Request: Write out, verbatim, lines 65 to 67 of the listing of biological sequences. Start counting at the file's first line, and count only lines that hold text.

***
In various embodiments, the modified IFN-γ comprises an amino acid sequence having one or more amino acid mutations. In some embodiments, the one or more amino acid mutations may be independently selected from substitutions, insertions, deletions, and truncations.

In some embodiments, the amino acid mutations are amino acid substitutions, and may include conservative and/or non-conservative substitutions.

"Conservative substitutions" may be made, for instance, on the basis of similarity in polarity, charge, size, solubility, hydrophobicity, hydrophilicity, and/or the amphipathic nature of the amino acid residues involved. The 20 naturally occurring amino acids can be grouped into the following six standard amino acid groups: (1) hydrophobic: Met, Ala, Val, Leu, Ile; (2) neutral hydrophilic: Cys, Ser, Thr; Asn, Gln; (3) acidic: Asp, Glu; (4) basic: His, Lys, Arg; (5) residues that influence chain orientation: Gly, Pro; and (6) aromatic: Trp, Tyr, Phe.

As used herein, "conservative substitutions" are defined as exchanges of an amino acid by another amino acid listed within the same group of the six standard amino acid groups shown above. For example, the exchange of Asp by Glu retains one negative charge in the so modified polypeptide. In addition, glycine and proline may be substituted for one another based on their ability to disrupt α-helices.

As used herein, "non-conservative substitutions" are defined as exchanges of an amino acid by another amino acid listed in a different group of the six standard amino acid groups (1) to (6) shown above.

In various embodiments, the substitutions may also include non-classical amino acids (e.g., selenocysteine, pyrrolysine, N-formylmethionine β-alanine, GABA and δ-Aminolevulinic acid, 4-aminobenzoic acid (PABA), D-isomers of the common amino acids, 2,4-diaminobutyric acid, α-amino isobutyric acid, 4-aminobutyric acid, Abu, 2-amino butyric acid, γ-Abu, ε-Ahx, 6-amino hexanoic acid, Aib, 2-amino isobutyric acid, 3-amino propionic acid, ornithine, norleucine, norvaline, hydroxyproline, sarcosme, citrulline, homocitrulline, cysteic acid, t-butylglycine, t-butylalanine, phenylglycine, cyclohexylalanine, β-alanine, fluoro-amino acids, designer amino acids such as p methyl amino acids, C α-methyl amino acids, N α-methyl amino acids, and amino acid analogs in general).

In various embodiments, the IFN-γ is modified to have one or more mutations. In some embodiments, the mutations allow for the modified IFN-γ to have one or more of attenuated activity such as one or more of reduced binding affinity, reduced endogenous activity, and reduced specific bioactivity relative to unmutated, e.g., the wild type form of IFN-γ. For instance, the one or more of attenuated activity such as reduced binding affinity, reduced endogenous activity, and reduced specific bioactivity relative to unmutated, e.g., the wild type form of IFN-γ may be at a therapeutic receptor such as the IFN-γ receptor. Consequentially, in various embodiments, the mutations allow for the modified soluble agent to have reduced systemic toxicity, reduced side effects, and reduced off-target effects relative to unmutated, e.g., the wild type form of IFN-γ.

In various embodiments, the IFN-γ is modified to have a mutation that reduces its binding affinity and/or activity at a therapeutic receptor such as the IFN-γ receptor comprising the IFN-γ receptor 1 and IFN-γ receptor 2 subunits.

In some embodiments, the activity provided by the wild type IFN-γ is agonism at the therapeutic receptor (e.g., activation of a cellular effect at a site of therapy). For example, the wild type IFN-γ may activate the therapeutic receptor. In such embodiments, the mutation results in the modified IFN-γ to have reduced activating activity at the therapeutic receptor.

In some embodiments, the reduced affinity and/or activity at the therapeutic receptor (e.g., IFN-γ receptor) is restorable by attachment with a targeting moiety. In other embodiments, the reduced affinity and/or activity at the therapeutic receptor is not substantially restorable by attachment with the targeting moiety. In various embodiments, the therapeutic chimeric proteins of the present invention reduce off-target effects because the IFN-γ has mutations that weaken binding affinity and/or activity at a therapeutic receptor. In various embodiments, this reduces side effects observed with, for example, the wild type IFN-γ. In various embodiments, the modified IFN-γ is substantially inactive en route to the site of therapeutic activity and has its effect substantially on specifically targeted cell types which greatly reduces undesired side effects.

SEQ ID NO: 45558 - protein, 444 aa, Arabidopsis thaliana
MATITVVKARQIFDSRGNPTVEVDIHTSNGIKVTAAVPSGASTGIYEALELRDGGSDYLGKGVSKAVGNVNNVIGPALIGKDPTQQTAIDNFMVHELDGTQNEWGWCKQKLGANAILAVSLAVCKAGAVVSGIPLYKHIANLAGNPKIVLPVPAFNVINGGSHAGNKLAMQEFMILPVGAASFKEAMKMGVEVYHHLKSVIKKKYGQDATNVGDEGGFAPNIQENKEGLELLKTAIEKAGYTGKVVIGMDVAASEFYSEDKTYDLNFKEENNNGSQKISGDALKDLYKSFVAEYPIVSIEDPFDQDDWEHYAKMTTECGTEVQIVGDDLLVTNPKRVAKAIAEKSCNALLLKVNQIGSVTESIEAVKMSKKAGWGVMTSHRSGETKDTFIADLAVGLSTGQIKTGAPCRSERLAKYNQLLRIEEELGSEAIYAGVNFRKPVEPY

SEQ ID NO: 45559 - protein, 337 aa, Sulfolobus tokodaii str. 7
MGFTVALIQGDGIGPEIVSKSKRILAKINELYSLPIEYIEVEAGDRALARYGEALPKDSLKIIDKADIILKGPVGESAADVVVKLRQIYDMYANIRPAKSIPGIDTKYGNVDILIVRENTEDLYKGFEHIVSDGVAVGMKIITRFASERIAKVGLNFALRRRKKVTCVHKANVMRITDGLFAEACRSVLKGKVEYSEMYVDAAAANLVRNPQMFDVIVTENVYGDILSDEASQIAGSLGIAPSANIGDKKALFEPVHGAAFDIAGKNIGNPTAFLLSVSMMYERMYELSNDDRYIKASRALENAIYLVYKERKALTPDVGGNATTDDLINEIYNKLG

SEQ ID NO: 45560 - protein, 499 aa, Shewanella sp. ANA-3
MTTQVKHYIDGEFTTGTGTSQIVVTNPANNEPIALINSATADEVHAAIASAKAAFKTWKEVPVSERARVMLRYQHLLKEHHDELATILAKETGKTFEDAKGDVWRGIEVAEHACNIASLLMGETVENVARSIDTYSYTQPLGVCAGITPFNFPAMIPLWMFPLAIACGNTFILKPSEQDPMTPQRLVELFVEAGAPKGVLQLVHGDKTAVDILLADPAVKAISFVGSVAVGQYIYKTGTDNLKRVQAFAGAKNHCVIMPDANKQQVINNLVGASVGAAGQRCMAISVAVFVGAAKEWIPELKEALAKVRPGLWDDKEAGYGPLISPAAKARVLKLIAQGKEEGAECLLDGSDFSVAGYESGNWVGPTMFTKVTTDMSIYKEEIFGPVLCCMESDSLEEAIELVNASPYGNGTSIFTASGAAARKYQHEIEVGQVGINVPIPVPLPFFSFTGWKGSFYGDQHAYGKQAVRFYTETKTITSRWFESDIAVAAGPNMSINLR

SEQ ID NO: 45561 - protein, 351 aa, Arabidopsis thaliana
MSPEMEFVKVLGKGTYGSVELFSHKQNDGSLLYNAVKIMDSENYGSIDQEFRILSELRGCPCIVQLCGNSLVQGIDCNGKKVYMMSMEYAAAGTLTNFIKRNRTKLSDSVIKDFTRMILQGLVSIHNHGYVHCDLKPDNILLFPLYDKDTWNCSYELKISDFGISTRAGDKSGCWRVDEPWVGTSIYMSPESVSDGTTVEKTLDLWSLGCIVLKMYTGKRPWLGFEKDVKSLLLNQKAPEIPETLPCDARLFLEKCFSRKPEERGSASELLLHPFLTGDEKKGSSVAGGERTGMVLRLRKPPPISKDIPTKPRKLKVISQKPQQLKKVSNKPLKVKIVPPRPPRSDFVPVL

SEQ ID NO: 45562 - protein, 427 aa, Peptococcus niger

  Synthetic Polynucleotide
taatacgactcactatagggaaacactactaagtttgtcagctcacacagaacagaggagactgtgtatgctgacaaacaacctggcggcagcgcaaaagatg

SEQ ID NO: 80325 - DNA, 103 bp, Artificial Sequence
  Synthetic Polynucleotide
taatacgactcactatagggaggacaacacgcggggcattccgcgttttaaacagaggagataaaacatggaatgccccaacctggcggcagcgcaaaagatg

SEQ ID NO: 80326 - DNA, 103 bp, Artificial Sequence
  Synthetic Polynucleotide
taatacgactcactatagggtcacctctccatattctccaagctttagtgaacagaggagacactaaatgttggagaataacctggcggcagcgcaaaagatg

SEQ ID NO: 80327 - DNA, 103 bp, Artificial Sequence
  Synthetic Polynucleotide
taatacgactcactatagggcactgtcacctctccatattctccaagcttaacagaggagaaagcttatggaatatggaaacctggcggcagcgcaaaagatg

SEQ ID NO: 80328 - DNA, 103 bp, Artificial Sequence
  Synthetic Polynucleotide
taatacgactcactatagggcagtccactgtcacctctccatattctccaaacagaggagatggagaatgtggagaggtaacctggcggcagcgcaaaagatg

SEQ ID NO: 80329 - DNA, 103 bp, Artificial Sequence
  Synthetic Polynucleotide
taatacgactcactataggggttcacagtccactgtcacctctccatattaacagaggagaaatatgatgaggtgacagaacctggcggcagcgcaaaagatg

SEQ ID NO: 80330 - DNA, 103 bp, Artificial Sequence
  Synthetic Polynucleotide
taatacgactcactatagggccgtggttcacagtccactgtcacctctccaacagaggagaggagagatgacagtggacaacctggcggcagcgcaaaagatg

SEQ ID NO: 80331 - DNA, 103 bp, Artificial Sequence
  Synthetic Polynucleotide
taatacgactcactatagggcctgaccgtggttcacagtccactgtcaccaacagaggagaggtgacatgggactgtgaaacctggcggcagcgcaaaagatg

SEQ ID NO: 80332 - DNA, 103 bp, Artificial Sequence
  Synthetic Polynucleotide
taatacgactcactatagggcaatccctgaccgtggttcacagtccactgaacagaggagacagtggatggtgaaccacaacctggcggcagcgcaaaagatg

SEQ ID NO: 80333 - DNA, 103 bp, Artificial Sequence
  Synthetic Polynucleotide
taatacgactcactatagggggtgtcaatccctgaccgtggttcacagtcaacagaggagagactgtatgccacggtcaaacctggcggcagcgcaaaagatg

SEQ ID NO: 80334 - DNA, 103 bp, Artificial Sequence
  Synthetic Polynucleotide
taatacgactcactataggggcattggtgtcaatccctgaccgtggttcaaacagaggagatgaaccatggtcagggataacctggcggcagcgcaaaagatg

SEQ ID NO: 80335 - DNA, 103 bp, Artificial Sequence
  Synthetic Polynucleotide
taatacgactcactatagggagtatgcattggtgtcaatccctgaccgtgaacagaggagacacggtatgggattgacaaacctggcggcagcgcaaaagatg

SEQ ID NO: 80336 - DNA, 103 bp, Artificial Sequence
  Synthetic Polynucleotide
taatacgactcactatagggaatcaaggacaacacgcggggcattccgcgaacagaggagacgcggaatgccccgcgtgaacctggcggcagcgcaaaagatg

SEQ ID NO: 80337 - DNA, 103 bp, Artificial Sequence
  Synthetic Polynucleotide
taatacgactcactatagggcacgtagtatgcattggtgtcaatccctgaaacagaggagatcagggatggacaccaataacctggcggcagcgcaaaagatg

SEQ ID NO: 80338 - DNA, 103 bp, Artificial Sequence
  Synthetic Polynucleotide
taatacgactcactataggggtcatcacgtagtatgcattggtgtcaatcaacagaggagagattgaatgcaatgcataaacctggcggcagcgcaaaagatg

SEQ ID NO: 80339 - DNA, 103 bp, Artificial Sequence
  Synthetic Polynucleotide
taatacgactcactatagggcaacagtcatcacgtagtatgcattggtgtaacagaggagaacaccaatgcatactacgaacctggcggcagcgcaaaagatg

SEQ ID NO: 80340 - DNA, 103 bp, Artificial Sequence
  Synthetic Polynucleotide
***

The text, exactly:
  Synthetic Polynucleotide
taatacgactcactatagggcaacagtcatcacgtagtatgcattggtgtaacagaggagaacaccaatgcatactacgaacctggcggcagcgcaaaagatg

SEQ ID NO: 80340 - DNA, 103 bp, Artificial Sequence